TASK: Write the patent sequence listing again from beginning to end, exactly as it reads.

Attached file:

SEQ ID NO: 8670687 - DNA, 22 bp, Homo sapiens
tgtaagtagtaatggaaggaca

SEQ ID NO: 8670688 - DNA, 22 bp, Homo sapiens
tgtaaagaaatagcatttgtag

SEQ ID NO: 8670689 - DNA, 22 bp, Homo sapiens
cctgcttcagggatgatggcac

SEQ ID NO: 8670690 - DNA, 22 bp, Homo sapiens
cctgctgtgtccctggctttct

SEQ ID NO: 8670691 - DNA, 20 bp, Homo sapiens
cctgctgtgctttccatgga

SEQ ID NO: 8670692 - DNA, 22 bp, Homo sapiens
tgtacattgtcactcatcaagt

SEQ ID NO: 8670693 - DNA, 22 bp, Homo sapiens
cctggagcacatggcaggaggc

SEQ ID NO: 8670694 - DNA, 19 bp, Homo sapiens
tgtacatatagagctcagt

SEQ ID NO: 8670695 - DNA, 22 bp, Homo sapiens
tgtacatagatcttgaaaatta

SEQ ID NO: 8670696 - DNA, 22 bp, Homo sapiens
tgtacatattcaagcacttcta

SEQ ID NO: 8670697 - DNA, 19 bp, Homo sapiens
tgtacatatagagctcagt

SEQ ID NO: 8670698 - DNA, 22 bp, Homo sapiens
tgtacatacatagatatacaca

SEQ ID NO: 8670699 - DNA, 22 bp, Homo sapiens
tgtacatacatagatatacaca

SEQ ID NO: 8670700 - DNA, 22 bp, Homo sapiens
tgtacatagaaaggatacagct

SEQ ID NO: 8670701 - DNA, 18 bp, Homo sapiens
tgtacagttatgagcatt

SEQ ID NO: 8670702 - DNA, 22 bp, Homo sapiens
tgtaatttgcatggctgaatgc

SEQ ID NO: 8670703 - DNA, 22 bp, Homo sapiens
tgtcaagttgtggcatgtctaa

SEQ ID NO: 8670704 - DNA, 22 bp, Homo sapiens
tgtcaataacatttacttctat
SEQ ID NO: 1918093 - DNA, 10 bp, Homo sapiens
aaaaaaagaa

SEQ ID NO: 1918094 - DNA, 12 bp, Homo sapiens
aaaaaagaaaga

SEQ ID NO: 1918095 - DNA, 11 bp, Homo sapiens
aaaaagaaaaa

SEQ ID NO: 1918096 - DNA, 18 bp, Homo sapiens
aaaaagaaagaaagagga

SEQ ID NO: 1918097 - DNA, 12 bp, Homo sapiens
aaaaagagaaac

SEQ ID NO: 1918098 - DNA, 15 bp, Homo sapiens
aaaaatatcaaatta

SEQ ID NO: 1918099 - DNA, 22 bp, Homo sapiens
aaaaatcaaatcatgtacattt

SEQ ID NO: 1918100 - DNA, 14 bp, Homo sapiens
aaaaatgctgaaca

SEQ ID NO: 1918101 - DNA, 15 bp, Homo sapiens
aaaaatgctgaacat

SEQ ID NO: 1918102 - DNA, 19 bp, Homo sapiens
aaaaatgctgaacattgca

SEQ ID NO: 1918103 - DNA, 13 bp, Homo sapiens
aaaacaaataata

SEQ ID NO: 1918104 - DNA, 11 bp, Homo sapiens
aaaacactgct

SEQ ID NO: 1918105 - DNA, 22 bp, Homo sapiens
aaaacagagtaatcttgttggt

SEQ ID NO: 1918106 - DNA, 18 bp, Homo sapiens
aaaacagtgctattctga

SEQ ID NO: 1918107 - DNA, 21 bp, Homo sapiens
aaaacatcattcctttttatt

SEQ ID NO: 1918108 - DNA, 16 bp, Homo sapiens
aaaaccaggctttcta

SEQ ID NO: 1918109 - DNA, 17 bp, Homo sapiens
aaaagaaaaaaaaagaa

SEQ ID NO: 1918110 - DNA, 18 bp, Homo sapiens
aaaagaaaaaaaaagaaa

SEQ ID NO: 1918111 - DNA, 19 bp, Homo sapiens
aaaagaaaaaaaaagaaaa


SEQ ID NO: 8670687 - DNA, 22 bp, Homo sapiens
tgtaagtagtaatggaaggaca

SEQ ID NO: 8670688 - DNA, 22 bp, Homo sapiens
tgtaaagaaatagcatttgtag

SEQ ID NO: 8670689 - DNA, 22 bp, Homo sapiens
cctgcttcagggatgatggcac

SEQ ID NO: 8670690 - DNA, 22 bp, Homo sapiens
cctgctgtgtccctggctttct

SEQ ID NO: 8670691 - DNA, 20 bp, Homo sapiens
cctgctgtgctttccatgga

SEQ ID NO: 8670692 - DNA, 22 bp, Homo sapiens
tgtacattgtcactcatcaagt

SEQ ID NO: 8670693 - DNA, 22 bp, Homo sapiens
cctggagcacatggcaggaggc

SEQ ID NO: 8670694 - DNA, 19 bp, Homo sapiens
tgtacatatagagctcagt

SEQ ID NO: 8670695 - DNA, 22 bp, Homo sapiens
tgtacatagatcttgaaaatta

SEQ ID NO: 8670696 - DNA, 22 bp, Homo sapiens
tgtacatattcaagcacttcta

SEQ ID NO: 8670697 - DNA, 19 bp, Homo sapiens
tgtacatatagagctcagt

SEQ ID NO: 8670698 - DNA, 22 bp, Homo sapiens
tgtacatacatagatatacaca

SEQ ID NO: 8670699 - DNA, 22 bp, Homo sapiens
tgtacatacatagatatacaca

SEQ ID NO: 8670700 - DNA, 22 bp, Homo sapiens
tgtacatagaaaggatacagct

SEQ ID NO: 8670701 - DNA, 18 bp, Homo sapiens
tgtacagttatgagcatt

SEQ ID NO: 8670702 - DNA, 22 bp, Homo sapiens
tgtaatttgcatggctgaatgc

SEQ ID NO: 8670703 - DNA, 22 bp, Homo sapiens
tgtcaagttgtggcatgtctaa

SEQ ID NO: 8670704 - DNA, 22 bp, Homo sapiens
tgtcaataacatttacttctat
SEQ ID NO: 1918093 - DNA, 10 bp, Homo sapiens
aaaaaaagaa

SEQ ID NO: 1918094 - DNA, 12 bp, Homo sapiens
aaaaaagaaaga

SEQ ID NO: 1918095 - DNA, 11 bp, Homo sapiens
aaaaagaaaaa

SEQ ID NO: 1918096 - DNA, 18 bp, Homo sapiens
aaaaagaaagaaagagga

SEQ ID NO: 1918097 - DNA, 12 bp, Homo sapiens
aaaaagagaaac

SEQ ID NO: 1918098 - DNA, 15 bp, Homo sapiens
aaaaatatcaaatta

SEQ ID NO: 1918099 - DNA, 22 bp, Homo sapiens
aaaaatcaaatcatgtacattt

SEQ ID NO: 1918100 - DNA, 14 bp, Homo sapiens
aaaaatgctgaaca

SEQ ID NO: 1918101 - DNA, 15 bp, Homo sapiens
aaaaatgctgaacat

SEQ ID NO: 1918102 - DNA, 19 bp, Homo sapiens
aaaaatgctgaacattgca

SEQ ID NO: 1918103 - DNA, 13 bp, Homo sapiens
aaaacaaataata

SEQ ID NO: 1918104 - DNA, 11 bp, Homo sapiens
aaaacactgct

SEQ ID NO: 1918105 - DNA, 22 bp, Homo sapiens
aaaacagagtaatcttgttggt

SEQ ID NO: 1918106 - DNA, 18 bp, Homo sapiens
aaaacagtgctattctga

SEQ ID NO: 1918107 - DNA, 21 bp, Homo sapiens
aaaacatcattcctttttatt

SEQ ID NO: 1918108 - DNA, 16 bp, Homo sapiens
aaaaccaggctttcta

SEQ ID NO: 1918109 - DNA, 17 bp, Homo sapiens
aaaagaaaaaaaaagaa

SEQ ID NO: 1918110 - DNA, 18 bp, Homo sapiens
aaaagaaaaaaaaagaaa

SEQ ID NO: 1918111 - DNA, 19 bp, Homo sapiens
aaaagaaaaaaaaagaaaa